April 17, 2017 — DaMiri Young, computer systems manager, was faced with a difficult situation in the spring of 2015 when the University Information Technology's high-performance computing team lost two of its senior staff members to positions outside of UNT within a month of each other. He was left as the only full-time staff member to support UNT's high-performance computer installation that included more than 250 individual servers, two parallel data networks, and more than 1.5 petabytes of computer storage.
Stepping up to the challenge, DaMiri accepted the additional responsibility to keep this strategic research resource available and operating well for more than 60 research groups with more than 600 users who depend upon it for their processes of scientific discovery.
DaMiri's efforts and hard work resulted in being recognized with the Steve Miller Outstanding Employee Award at the 2017 Staff Appreciation Awards Ceremony in March.
He was commended for working to maintain UNT's high-performance computing system in support of the university's goal to advance funded research and maintain the highest level of research profile. Under DaMiri's watch, the UIT HPC systems logged more than 27 million computational hours during the 2015-2016 academic year. He has shown a devotion to researchers using HPC systems and has organized his team of three full-time IT managers and two student assistants to provide efficient and responsive support when researchers require help. Under his leadership, the HPC team is well organized to complete the tasks necessary to provide a high-quality computational service.
DaMiri, who is from Amarillo, Texas and holds a bachelor's degree in computer science, also has brought new ideas and initiative to the HPC services. A recent addition is a 3-D printer that provides researchers with a means to visualize structures simulated in computer software. He also has instituted a training program to provide opportunities for student and faculty researchers to make the most efficient use of HPC resources for their area of scientific investigation. Due to the strategic nature of the HPC operation, DaMiri often logs in on weekends to verify that the systems are operating as they should and schedules maintenance of off hours to avoid disruption of researcher activity. Certified by the Institute of Electrical and Electronics Engineers, DaMiri holds the software development professional credential, CDSP. With headquarters in New York City, the IEEE, "Eye-triple-E," is the world's largest professional association best known for developing standards for the computer and electronic industry.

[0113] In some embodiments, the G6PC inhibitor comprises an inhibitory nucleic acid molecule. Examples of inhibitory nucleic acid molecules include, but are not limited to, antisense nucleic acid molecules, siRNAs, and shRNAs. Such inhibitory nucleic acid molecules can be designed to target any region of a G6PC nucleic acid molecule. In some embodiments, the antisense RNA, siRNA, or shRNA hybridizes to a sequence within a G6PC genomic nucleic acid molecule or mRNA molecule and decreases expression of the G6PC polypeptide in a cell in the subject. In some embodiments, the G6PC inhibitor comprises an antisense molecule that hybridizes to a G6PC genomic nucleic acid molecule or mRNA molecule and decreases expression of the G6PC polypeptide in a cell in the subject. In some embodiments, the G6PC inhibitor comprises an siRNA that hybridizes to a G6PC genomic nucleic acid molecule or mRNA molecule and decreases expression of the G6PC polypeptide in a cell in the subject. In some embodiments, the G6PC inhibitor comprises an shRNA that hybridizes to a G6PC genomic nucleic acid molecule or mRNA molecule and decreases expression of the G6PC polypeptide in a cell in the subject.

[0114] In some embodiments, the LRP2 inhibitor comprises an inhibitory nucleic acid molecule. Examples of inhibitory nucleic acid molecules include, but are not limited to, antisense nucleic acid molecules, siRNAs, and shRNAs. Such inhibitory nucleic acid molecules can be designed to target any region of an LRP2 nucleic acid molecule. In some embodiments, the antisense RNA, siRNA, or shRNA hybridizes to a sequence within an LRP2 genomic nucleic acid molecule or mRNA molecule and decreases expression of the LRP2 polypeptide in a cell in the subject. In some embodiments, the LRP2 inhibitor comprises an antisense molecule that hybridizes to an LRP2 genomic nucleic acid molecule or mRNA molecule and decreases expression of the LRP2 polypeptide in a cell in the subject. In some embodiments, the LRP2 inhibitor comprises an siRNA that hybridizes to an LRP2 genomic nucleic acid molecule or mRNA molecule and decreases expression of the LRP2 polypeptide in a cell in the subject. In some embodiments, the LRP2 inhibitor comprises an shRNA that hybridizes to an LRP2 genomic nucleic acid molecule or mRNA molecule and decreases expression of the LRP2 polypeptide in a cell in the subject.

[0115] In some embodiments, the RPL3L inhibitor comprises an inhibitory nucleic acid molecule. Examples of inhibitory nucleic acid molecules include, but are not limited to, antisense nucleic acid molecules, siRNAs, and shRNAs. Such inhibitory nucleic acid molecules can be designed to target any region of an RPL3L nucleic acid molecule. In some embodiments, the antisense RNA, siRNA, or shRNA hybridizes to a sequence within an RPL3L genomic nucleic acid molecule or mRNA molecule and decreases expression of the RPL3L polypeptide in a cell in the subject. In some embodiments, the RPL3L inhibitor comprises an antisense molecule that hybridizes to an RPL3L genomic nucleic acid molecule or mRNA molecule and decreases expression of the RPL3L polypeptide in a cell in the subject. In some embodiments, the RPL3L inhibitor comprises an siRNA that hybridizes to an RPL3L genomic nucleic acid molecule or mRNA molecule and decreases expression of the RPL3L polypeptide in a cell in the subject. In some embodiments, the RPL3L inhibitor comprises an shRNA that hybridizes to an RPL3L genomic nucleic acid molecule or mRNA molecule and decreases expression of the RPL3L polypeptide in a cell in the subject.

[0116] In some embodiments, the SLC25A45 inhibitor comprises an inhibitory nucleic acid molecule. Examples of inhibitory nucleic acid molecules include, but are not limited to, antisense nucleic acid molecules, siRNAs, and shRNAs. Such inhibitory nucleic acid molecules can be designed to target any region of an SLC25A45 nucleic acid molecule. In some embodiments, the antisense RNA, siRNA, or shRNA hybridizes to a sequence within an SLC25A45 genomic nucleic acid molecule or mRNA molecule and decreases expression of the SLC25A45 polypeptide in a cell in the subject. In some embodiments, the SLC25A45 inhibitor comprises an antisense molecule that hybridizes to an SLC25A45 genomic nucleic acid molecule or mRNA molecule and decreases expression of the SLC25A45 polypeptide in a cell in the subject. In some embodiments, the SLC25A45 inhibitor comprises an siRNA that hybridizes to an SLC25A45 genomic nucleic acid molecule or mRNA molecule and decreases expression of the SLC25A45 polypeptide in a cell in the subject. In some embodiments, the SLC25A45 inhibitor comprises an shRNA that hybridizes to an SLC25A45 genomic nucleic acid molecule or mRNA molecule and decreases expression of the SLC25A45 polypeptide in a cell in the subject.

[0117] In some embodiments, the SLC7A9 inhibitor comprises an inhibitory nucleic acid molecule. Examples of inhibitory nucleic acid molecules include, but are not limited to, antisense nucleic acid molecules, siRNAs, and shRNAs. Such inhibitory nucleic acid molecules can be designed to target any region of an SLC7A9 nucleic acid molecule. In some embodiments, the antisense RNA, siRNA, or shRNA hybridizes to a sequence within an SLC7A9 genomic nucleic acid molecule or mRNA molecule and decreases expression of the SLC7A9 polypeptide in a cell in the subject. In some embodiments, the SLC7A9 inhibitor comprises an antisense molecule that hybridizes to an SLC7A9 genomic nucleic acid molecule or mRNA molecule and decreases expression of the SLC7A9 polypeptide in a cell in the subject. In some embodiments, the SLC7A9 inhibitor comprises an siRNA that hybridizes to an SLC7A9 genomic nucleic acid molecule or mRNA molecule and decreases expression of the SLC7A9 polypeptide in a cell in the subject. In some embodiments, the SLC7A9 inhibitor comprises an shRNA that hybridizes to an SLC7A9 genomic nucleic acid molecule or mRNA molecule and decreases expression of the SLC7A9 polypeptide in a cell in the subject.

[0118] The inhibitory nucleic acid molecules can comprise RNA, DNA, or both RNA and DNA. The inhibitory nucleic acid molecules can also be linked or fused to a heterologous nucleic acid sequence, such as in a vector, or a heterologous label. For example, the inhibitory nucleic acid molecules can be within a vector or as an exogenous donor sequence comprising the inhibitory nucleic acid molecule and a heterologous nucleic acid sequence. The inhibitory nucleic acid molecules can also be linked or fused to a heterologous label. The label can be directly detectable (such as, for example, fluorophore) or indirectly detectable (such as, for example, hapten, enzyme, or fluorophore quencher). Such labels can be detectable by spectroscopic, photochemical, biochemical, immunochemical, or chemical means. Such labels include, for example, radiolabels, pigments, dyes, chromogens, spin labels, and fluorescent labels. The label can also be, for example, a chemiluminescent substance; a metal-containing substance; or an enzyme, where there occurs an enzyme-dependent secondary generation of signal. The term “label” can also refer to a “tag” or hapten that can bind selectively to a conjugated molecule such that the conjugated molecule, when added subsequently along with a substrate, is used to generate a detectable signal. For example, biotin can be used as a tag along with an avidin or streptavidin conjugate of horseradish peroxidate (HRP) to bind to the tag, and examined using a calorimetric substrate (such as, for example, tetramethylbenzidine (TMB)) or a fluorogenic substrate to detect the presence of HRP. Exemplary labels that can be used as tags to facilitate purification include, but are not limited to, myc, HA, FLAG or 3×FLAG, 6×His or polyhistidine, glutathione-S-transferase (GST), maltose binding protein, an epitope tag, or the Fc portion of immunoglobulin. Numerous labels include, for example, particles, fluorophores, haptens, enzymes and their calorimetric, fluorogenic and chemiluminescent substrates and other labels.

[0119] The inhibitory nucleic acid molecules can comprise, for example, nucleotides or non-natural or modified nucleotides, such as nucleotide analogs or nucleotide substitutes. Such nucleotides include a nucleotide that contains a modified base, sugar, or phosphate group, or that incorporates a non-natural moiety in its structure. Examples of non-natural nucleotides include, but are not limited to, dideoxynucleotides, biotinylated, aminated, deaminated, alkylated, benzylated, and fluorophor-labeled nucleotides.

His expertise in large-scale cluster computing systems has proven invaluable in moving the HPC installation to the next level of technology. He has taken on a management role and embraces the challenge of coordinating a team and providing encouragement and support to his staff. Within a year, DaMiri went from being a team of one to a coordinator for a team that includes two full-time staff and three student assistants and made a significant contribution to the support of computational research at UNT.
While DaMiri shows continual interest in improving his skills as a manager of people and technology, he also takes time out for his two daughters. Together, they like to play Xbox, swim at the Pohl Recreation Center, sit in a hammock in remote locations far away from civilization and technology, and eat delicious food, he said. DaMiri, who is well over six feet tall, also spends time with Kate, his girlfriend, also known as #10 on the Dallas Derby Devils, which makes her about nine feet tall, if you have ever seen the team in action. The Dallas Derby Devils is an all-female, amateur, flat-track roller derby league in Dallas. Kate is on the Battalion of Doom travel team and the Slaughterers home team. If you have never been to see a roller derby event, treat yourself to an exhilarating display of fast-paced athleticism and ferocity.
DaMiri's favorite quote is from Bruce Lee "Now water can flow, or it can crash. Be water, my friend," and he recommends a book from 2007 that seems fitting for this political year. Long dismissed as a relic of a bygone era, coal is back -- with a vengeance, so DaMiri recommends reading "Big Coal: The Dirty Secret Behind America's Energy Future" by Jeff Goodell.